Re: What the?

"Doug Harrison [MVP]" <>
Wed, 13 Feb 2008 12:30:36 -0600
On Wed, 13 Feb 2008 12:19:50 -0500, Joseph M. Newcomer
<> wrote:

The lack of initializers is a real problem. For example, suppose I go through a lot of
effort to create a new class where I re-implement 'new' and 'delete' to work on my own
allocator structures. I want to do

#pragma data_seg("shared")
DWORD base;
MyTypeCollection data[SOME_LIMIT_HERE] = ?;
#pragma data_seg()

Note that for a type to be in the specified data segment, I must have an initializer, but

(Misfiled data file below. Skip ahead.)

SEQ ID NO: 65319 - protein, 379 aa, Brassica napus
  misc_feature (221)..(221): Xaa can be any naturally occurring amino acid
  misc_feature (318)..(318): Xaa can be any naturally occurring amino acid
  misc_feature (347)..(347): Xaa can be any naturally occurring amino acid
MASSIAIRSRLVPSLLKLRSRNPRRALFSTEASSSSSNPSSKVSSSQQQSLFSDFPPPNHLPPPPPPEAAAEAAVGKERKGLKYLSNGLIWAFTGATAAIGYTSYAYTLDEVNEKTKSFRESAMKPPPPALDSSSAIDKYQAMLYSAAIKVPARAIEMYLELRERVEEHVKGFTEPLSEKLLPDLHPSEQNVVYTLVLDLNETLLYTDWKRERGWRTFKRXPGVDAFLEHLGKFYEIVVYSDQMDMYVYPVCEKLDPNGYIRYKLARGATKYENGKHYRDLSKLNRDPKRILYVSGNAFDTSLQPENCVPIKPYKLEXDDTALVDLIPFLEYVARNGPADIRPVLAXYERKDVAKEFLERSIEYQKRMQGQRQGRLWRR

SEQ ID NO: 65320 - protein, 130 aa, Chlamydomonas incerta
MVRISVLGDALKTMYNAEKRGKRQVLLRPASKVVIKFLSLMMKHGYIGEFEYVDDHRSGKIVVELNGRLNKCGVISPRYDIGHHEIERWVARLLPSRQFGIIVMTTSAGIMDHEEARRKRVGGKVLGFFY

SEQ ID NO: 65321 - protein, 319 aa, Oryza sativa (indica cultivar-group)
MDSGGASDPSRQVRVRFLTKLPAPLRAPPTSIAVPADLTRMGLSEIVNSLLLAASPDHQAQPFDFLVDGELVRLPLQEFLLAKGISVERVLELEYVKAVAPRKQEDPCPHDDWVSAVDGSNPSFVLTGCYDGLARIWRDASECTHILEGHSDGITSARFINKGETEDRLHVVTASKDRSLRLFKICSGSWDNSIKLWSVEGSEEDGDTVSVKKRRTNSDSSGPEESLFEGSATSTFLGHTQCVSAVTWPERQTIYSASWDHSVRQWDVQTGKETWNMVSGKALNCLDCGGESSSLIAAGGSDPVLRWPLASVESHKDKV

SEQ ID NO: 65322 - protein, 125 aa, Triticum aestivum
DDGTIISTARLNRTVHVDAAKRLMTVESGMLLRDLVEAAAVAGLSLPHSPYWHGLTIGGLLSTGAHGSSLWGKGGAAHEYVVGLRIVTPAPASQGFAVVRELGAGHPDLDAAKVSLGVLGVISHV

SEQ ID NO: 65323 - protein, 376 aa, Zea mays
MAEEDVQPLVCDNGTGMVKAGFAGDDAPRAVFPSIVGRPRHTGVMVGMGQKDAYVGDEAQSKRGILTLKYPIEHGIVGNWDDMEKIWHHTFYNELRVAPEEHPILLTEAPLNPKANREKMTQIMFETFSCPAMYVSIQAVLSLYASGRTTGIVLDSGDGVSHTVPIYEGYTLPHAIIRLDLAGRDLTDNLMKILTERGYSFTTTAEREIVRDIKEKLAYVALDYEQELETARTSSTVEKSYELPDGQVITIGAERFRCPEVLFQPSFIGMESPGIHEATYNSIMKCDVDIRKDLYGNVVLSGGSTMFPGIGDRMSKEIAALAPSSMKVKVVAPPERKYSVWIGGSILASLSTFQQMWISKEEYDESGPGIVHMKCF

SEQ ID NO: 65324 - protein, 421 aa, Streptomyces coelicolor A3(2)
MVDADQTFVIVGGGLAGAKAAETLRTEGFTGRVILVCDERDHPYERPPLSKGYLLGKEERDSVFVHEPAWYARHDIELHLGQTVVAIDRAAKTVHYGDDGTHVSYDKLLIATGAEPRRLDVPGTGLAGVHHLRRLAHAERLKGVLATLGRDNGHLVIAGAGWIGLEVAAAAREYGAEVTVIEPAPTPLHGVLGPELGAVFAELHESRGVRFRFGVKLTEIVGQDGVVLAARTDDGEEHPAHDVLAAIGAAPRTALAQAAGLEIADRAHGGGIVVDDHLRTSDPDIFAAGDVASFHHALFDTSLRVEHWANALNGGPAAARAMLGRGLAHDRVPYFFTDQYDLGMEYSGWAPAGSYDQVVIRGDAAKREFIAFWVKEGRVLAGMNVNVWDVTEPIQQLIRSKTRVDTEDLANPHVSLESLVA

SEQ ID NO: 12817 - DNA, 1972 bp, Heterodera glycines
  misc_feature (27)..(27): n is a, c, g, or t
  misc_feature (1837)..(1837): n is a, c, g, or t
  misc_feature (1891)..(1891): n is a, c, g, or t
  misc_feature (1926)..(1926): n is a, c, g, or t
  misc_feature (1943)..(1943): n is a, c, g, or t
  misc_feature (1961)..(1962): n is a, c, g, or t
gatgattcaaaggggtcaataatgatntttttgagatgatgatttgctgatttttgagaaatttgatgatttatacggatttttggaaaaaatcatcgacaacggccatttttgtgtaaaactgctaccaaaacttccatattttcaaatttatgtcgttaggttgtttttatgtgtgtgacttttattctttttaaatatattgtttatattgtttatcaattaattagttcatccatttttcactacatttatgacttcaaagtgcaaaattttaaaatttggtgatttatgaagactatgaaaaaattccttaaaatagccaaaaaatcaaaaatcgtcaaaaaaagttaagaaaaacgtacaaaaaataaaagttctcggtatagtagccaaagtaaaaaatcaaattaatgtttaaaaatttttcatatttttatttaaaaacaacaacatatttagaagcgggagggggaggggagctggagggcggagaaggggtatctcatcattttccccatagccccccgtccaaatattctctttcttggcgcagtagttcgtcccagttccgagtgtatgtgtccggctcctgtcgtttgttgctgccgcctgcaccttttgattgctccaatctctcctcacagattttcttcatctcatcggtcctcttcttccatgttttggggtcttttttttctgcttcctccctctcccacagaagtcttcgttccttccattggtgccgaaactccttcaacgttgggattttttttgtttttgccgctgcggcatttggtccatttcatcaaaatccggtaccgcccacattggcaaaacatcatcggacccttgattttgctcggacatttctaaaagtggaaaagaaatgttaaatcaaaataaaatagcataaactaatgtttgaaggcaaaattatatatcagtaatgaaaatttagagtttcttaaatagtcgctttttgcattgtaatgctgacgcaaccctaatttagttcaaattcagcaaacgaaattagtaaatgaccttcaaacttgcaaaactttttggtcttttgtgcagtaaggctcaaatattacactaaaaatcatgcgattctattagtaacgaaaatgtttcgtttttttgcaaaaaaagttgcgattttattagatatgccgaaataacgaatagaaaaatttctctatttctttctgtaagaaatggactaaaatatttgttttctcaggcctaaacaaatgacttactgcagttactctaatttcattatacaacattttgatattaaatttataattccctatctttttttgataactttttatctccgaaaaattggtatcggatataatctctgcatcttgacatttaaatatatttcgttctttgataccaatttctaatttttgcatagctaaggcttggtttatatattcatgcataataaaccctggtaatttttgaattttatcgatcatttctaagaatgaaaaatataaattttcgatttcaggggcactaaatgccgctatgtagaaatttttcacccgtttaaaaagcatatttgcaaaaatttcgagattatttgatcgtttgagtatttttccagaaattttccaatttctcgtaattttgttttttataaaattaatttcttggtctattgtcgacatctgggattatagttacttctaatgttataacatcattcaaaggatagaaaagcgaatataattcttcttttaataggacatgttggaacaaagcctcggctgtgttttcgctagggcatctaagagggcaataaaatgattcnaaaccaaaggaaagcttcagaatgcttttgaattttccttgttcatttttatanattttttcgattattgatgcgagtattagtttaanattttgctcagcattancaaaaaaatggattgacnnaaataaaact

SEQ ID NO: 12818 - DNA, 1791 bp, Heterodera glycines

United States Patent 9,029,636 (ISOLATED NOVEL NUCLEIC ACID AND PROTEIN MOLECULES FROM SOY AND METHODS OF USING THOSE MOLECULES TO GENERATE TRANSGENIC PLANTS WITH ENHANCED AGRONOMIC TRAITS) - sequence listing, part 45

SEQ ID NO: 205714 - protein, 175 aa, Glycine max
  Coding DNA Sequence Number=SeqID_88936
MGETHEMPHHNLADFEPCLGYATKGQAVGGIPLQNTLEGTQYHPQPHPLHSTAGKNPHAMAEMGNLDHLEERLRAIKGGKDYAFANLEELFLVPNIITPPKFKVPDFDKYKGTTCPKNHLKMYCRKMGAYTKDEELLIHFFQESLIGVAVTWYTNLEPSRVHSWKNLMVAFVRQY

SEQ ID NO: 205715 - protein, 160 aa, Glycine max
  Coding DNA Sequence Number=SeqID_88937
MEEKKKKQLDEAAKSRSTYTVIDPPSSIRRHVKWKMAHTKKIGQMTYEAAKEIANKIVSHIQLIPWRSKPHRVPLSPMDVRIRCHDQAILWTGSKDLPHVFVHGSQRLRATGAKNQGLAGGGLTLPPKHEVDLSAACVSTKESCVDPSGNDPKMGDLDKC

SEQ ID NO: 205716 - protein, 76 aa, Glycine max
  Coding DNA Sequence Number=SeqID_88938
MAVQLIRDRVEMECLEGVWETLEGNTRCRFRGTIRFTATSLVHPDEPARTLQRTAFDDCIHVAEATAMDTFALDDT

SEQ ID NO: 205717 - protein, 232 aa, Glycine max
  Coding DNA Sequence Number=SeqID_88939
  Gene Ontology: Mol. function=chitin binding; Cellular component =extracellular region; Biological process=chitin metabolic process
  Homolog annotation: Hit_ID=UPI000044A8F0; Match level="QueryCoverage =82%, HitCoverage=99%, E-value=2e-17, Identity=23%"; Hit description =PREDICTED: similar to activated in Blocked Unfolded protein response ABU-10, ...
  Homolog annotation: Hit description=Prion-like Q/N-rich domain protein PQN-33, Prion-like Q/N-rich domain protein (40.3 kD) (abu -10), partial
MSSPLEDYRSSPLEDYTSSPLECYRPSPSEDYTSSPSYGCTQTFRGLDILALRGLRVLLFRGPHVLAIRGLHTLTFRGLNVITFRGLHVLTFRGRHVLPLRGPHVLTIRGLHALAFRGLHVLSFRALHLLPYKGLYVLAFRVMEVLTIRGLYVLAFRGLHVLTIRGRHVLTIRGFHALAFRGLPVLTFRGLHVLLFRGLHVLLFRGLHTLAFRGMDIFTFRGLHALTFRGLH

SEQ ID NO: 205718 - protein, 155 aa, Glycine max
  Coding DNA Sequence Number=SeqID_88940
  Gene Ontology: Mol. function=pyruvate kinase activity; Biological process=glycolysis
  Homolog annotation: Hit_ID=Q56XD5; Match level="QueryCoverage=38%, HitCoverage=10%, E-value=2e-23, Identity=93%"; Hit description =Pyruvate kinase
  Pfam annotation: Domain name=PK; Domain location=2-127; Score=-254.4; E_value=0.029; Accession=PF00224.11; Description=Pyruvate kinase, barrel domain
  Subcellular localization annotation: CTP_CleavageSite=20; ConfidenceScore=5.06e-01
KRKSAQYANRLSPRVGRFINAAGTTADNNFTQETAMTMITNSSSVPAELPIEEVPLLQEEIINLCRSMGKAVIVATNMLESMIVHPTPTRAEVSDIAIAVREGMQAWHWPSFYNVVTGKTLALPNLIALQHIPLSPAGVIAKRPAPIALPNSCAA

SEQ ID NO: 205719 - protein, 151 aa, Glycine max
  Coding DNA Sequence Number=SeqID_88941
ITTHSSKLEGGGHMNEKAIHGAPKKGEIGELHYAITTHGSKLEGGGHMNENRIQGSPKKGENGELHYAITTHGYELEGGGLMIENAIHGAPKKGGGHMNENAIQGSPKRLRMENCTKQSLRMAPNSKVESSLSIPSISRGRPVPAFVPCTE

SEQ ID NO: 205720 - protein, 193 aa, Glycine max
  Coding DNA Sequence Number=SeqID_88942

I *can't* have an initializer. So the use of C++ object collections in shared segments is
precluded unless I do something really complex with placement constructors, and that has
its own set of problems.

As I said in an earlier post, I use the C-style arrays when I need
compile-time-constant-initialized values, because there is no initialization construct in
C++ (and it is not clear why this is so; I see no reason I couldn't write

static const Complex points[] = {
        Complex(1, 0),
        Complex(1, 1),
        Complex(pi, 0),
        Complex(pi, 1),

except some issue that it was thought this was "not a good idea".

That initialization is allowed in C++. Always has been. Example:

#include <string>

std::string a[] =

Doug Harrison
Visual C++ MVP

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